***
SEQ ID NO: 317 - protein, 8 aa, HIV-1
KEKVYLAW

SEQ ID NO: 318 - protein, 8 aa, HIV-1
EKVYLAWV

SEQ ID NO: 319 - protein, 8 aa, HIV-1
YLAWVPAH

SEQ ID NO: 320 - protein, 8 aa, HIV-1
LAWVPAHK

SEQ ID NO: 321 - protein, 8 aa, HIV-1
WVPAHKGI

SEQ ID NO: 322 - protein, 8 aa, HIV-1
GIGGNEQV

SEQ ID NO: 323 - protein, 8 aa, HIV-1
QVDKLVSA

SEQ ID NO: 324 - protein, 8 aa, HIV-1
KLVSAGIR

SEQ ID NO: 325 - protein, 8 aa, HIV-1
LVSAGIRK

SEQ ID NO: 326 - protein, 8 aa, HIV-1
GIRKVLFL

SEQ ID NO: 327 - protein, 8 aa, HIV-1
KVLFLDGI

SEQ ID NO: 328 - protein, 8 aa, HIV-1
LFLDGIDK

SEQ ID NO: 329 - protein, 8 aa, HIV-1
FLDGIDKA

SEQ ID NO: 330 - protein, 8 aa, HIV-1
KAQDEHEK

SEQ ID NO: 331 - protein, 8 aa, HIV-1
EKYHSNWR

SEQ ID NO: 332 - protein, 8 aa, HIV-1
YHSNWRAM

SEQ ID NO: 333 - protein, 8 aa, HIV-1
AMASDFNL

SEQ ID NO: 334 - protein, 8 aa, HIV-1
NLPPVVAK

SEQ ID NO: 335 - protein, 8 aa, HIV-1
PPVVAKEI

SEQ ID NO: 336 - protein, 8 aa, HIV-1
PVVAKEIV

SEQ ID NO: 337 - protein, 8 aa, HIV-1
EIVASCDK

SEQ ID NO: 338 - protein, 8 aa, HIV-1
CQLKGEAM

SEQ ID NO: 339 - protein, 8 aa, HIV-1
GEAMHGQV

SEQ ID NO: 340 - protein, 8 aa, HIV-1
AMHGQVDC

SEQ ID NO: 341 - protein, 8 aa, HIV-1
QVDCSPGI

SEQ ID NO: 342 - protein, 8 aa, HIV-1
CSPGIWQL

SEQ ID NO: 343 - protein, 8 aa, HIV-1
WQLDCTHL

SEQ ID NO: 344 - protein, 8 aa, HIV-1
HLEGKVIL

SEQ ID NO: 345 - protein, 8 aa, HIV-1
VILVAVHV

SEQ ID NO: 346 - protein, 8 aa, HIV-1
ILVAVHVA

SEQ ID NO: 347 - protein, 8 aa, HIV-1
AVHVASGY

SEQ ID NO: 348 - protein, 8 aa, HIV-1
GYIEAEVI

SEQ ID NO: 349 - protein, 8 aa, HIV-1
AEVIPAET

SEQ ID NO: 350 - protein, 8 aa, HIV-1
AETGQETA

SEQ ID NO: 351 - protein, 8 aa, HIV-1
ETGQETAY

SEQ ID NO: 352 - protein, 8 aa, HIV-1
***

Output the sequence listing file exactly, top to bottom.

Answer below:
SEQ ID NO: 317 - protein, 8 aa, HIV-1
KEKVYLAW

SEQ ID NO: 318 - protein, 8 aa, HIV-1
EKVYLAWV

SEQ ID NO: 319 - protein, 8 aa, HIV-1
YLAWVPAH

SEQ ID NO: 320 - protein, 8 aa, HIV-1
LAWVPAHK

SEQ ID NO: 321 - protein, 8 aa, HIV-1
WVPAHKGI

SEQ ID NO: 322 - protein, 8 aa, HIV-1
GIGGNEQV

SEQ ID NO: 323 - protein, 8 aa, HIV-1
QVDKLVSA

SEQ ID NO: 324 - protein, 8 aa, HIV-1
KLVSAGIR

SEQ ID NO: 325 - protein, 8 aa, HIV-1
LVSAGIRK

SEQ ID NO: 326 - protein, 8 aa, HIV-1
GIRKVLFL

SEQ ID NO: 327 - protein, 8 aa, HIV-1
KVLFLDGI

SEQ ID NO: 328 - protein, 8 aa, HIV-1
LFLDGIDK

SEQ ID NO: 329 - protein, 8 aa, HIV-1
FLDGIDKA

SEQ ID NO: 330 - protein, 8 aa, HIV-1
KAQDEHEK

SEQ ID NO: 331 - protein, 8 aa, HIV-1
EKYHSNWR

SEQ ID NO: 332 - protein, 8 aa, HIV-1
YHSNWRAM

SEQ ID NO: 333 - protein, 8 aa, HIV-1
AMASDFNL

SEQ ID NO: 334 - protein, 8 aa, HIV-1
NLPPVVAK

SEQ ID NO: 335 - protein, 8 aa, HIV-1
PPVVAKEI

SEQ ID NO: 336 - protein, 8 aa, HIV-1
PVVAKEIV

SEQ ID NO: 337 - protein, 8 aa, HIV-1
EIVASCDK

SEQ ID NO: 338 - protein, 8 aa, HIV-1
CQLKGEAM

SEQ ID NO: 339 - protein, 8 aa, HIV-1
GEAMHGQV

SEQ ID NO: 340 - protein, 8 aa, HIV-1
AMHGQVDC

SEQ ID NO: 341 - protein, 8 aa, HIV-1
QVDCSPGI

SEQ ID NO: 342 - protein, 8 aa, HIV-1
CSPGIWQL

SEQ ID NO: 343 - protein, 8 aa, HIV-1
WQLDCTHL

SEQ ID NO: 344 - protein, 8 aa, HIV-1
HLEGKVIL

SEQ ID NO: 345 - protein, 8 aa, HIV-1
VILVAVHV

SEQ ID NO: 346 - protein, 8 aa, HIV-1
ILVAVHVA

SEQ ID NO: 347 - protein, 8 aa, HIV-1
AVHVASGY

SEQ ID NO: 348 - protein, 8 aa, HIV-1
GYIEAEVI

SEQ ID NO: 349 - protein, 8 aa, HIV-1
AEVIPAET

SEQ ID NO: 350 - protein, 8 aa, HIV-1
AETGQETA

SEQ ID NO: 351 - protein, 8 aa, HIV-1
ETGQETAY

SEQ ID NO: 352 - protein, 8 aa, HIV-1